New bee checklist lets scientists link important information about all bee species

Jun 18, 2008

In time for National Pollinator Week, June 22 through June 28, biologists have completed an online effort to compile a world checklist of bees. They have identified nearly 19,500 bee species worldwide, about 2,000 more than previously estimated. There is a current crisis known as "colony collapse disorder," an unexplained phenomenon that is wiping out colonies of honey bees throughout the United States. This has highlighted the need for more information about bee species and their interactions with the plants they pollinate.

"At a time when biological diversity is suspected to be declining at an alarming rate, it is important to have a solid baseline from which to measure future trends," said Michael Ruggiero, senior scientist for the Integrated Taxonomic Information System at the National Museum of Natural History, who led the recently completed project. "This is very exciting because bees are critical for pollinating flowering plants, including most non-cereal food crops."

"Honey bees are the most economically important pollinators and are currently in the news because of colony collapse disorder," said John S. Ascher, a collaborator on the project from the American Museum of Natural History in New York. "Only about 500 bee species produce honey. Most species, however, do not produce honey or live in hives, yet they are crucial pollinators of crops and native plants."

Taxonomy is the science of species classification. The bee checklist includes currently accepted scientific names, synonyms and common names; a current, complete and authoritative taxonomic checklist is key to linking all information about species. The scientific name acts as the common denominator to connect like information. Taxonomic information is not fixed and throughout time biologists reclassify species as a result of new discoveries or new research.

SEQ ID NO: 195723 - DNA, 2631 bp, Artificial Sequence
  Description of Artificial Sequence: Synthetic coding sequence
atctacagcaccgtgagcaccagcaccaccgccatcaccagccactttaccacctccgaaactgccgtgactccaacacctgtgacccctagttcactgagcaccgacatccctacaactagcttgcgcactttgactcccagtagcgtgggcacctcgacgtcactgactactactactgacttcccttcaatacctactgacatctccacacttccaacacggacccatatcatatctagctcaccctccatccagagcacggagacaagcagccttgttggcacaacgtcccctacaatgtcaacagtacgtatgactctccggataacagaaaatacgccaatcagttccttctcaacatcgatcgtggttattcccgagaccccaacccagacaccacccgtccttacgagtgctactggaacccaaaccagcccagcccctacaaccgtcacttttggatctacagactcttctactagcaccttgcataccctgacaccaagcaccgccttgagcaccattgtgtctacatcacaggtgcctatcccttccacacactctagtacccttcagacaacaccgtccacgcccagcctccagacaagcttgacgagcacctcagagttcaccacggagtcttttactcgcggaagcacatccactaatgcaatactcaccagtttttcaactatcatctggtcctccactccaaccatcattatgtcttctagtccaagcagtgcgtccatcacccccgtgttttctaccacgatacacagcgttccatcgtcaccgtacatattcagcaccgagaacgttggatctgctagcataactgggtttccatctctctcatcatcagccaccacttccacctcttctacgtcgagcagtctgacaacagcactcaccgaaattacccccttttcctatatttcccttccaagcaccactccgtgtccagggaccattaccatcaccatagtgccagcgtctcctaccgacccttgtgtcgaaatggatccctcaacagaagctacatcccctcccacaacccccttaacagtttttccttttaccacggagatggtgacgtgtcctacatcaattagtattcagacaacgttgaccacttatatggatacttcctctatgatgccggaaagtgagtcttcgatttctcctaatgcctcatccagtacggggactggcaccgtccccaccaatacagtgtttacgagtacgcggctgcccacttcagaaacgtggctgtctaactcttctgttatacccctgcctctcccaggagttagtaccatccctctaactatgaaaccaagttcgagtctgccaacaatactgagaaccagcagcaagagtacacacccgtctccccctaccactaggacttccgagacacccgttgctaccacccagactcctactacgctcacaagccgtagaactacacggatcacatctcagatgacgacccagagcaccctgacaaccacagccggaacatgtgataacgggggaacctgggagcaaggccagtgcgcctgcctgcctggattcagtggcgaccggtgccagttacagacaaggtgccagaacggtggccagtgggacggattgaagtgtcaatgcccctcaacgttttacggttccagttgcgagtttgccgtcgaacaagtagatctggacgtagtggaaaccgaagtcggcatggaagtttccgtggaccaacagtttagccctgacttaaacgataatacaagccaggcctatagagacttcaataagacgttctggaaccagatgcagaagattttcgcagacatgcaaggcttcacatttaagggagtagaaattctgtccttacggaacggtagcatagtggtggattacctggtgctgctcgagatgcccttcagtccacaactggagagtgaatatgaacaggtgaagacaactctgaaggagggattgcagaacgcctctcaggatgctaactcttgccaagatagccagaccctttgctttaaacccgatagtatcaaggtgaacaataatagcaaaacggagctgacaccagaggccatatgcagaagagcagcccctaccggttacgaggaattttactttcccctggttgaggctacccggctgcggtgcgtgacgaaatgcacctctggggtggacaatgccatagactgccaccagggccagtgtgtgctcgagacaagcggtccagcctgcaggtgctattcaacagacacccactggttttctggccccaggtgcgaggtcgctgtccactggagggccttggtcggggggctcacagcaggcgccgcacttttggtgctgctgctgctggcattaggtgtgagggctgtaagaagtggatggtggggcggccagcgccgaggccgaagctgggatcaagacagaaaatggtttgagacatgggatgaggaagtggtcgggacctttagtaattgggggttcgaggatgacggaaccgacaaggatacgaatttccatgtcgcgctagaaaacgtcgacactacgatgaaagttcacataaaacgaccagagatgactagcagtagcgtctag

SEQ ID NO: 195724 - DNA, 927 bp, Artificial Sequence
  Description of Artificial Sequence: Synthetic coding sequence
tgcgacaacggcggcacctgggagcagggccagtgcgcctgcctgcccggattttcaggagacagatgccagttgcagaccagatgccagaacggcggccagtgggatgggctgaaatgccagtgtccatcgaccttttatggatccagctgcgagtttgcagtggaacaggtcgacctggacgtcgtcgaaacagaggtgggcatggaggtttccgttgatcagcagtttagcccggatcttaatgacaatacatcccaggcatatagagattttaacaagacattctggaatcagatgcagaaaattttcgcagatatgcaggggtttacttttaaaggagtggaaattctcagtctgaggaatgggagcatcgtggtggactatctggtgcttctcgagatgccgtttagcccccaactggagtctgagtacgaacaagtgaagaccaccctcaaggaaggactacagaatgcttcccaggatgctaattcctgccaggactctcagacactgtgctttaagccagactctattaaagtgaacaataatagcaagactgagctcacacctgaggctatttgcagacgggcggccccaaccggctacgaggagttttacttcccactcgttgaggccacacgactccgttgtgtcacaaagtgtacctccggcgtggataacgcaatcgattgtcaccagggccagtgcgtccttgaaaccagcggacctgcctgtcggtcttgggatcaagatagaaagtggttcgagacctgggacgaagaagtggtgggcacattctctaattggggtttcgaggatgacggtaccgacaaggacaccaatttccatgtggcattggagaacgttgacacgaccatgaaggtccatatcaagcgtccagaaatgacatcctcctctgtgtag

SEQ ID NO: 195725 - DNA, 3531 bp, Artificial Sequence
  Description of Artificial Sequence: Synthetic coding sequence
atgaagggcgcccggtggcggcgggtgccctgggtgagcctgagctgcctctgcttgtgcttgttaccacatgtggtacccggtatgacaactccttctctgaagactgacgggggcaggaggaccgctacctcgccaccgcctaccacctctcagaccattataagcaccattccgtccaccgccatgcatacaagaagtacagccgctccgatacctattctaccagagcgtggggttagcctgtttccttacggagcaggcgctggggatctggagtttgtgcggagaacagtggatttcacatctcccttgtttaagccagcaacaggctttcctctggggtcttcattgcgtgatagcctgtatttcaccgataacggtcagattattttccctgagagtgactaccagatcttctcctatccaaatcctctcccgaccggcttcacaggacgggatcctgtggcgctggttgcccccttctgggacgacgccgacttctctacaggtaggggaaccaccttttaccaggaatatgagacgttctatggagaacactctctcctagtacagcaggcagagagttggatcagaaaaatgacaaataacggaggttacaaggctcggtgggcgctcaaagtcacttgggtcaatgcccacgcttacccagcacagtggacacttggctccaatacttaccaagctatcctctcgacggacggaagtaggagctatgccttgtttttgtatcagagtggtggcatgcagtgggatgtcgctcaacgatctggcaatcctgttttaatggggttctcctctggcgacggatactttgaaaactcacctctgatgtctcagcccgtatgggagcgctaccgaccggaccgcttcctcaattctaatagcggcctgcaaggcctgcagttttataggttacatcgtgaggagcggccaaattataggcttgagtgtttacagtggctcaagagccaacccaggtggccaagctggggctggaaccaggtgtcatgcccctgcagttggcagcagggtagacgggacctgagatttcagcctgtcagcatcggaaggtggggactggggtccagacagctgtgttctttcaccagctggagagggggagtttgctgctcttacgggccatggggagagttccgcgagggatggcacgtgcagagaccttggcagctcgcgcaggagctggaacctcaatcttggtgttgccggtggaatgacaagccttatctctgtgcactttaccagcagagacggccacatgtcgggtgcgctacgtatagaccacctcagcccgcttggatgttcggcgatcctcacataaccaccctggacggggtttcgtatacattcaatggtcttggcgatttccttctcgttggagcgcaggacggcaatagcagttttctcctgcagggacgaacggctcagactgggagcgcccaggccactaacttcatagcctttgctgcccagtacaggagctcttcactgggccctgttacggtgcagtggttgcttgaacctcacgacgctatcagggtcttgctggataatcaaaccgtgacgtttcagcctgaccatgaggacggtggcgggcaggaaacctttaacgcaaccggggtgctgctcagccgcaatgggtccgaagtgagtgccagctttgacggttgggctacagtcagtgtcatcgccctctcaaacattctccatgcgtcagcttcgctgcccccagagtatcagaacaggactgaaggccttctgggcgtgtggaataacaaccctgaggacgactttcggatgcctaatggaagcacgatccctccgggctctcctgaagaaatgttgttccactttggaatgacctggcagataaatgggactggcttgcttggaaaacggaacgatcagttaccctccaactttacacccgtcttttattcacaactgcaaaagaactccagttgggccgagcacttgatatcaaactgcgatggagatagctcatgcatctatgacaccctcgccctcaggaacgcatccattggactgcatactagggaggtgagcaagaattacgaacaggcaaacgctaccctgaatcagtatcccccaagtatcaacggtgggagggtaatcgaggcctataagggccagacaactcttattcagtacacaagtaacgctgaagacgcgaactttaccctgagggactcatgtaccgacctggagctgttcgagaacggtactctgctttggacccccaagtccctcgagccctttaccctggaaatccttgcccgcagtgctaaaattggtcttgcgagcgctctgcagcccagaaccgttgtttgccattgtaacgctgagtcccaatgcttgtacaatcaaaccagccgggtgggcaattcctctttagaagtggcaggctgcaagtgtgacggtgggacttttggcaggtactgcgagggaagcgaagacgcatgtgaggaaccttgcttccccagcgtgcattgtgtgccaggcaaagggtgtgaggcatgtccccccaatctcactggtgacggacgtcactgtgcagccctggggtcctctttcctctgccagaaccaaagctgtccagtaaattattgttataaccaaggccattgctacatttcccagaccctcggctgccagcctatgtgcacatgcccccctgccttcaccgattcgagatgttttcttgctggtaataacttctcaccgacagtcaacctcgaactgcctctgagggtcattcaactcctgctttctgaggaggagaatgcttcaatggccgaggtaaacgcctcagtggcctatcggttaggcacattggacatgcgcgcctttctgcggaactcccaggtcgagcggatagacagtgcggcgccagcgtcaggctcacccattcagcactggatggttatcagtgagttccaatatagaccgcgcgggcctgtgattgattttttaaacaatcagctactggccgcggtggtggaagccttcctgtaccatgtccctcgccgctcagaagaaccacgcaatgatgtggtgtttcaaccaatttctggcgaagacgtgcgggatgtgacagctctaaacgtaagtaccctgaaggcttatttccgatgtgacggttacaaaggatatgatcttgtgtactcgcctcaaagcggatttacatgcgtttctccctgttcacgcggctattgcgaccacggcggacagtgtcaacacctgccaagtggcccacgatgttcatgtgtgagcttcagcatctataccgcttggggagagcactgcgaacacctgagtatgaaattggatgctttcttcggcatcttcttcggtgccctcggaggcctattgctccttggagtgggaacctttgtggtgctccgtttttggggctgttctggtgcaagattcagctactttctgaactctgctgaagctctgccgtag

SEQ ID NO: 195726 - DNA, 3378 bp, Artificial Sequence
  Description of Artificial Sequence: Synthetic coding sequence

"The bee checklist acts as a taxonomic 'Rosetta Stone' that will enhance communication, information exchange and data repatriation about bees. The completed checklist is a first step in modeling and forecasting future population trends," said Ruggiero.

Compiling the checklist has taken more than five years and the efforts of leading bee taxonomists on six continents. The checklist, coordinated by the staff of the Integrated Taxonomic Information System, a public–private partnership hosted at the National Museum of Natural History, is available at www.itis.gov. Major supporters of the project were the Global Biodiversity Information Facility, based in Copenhagen, Denmark, which is dedicated to making global biodiversity data accessible anywhere in the world, and the U.S.-based National Biological Information Infrastructure, a broad, collaborative program to provide increased access to data and information on the nation's biological resources.

Source: Smithsonian

Explore further: First structural insights into how plant immune receptors interact

add to favorites email to friend print save as pdf

Related Stories

Recommended for you

Orchid named after UC Riverside researcher

1 hour ago

One day about eight years ago, Katia Silvera, a postdoctoral scholar at the University of California, Riverside, and her father were on a field trip in a mountainous area in central Panama when they stumbled ...

For resetting circadian rhythms, neural cooperation is key

2 hours ago

Fruit flies are pretty predictable when it comes to scheduling their days, with peaks of activity at dawn and dusk and rest times in between. Now, researchers reporting in the Cell Press journal Cell Reports on April 17th h ...

User comments : 0

More news stories

Orchid named after UC Riverside researcher

One day about eight years ago, Katia Silvera, a postdoctoral scholar at the University of California, Riverside, and her father were on a field trip in a mountainous area in central Panama when they stumbled ...

Turning off depression in the brain

Scientists have traced vulnerability to depression-like behaviors in mice to out-of-balance electrical activity inside neurons of the brain's reward circuit and experimentally reversed it – but there's ...

There's something ancient in the icebox

Glaciers are commonly thought to work like a belt sander. As they move over the land they scrape off everything—vegetation, soil, and even the top layer of bedrock. So scientists were greatly surprised ...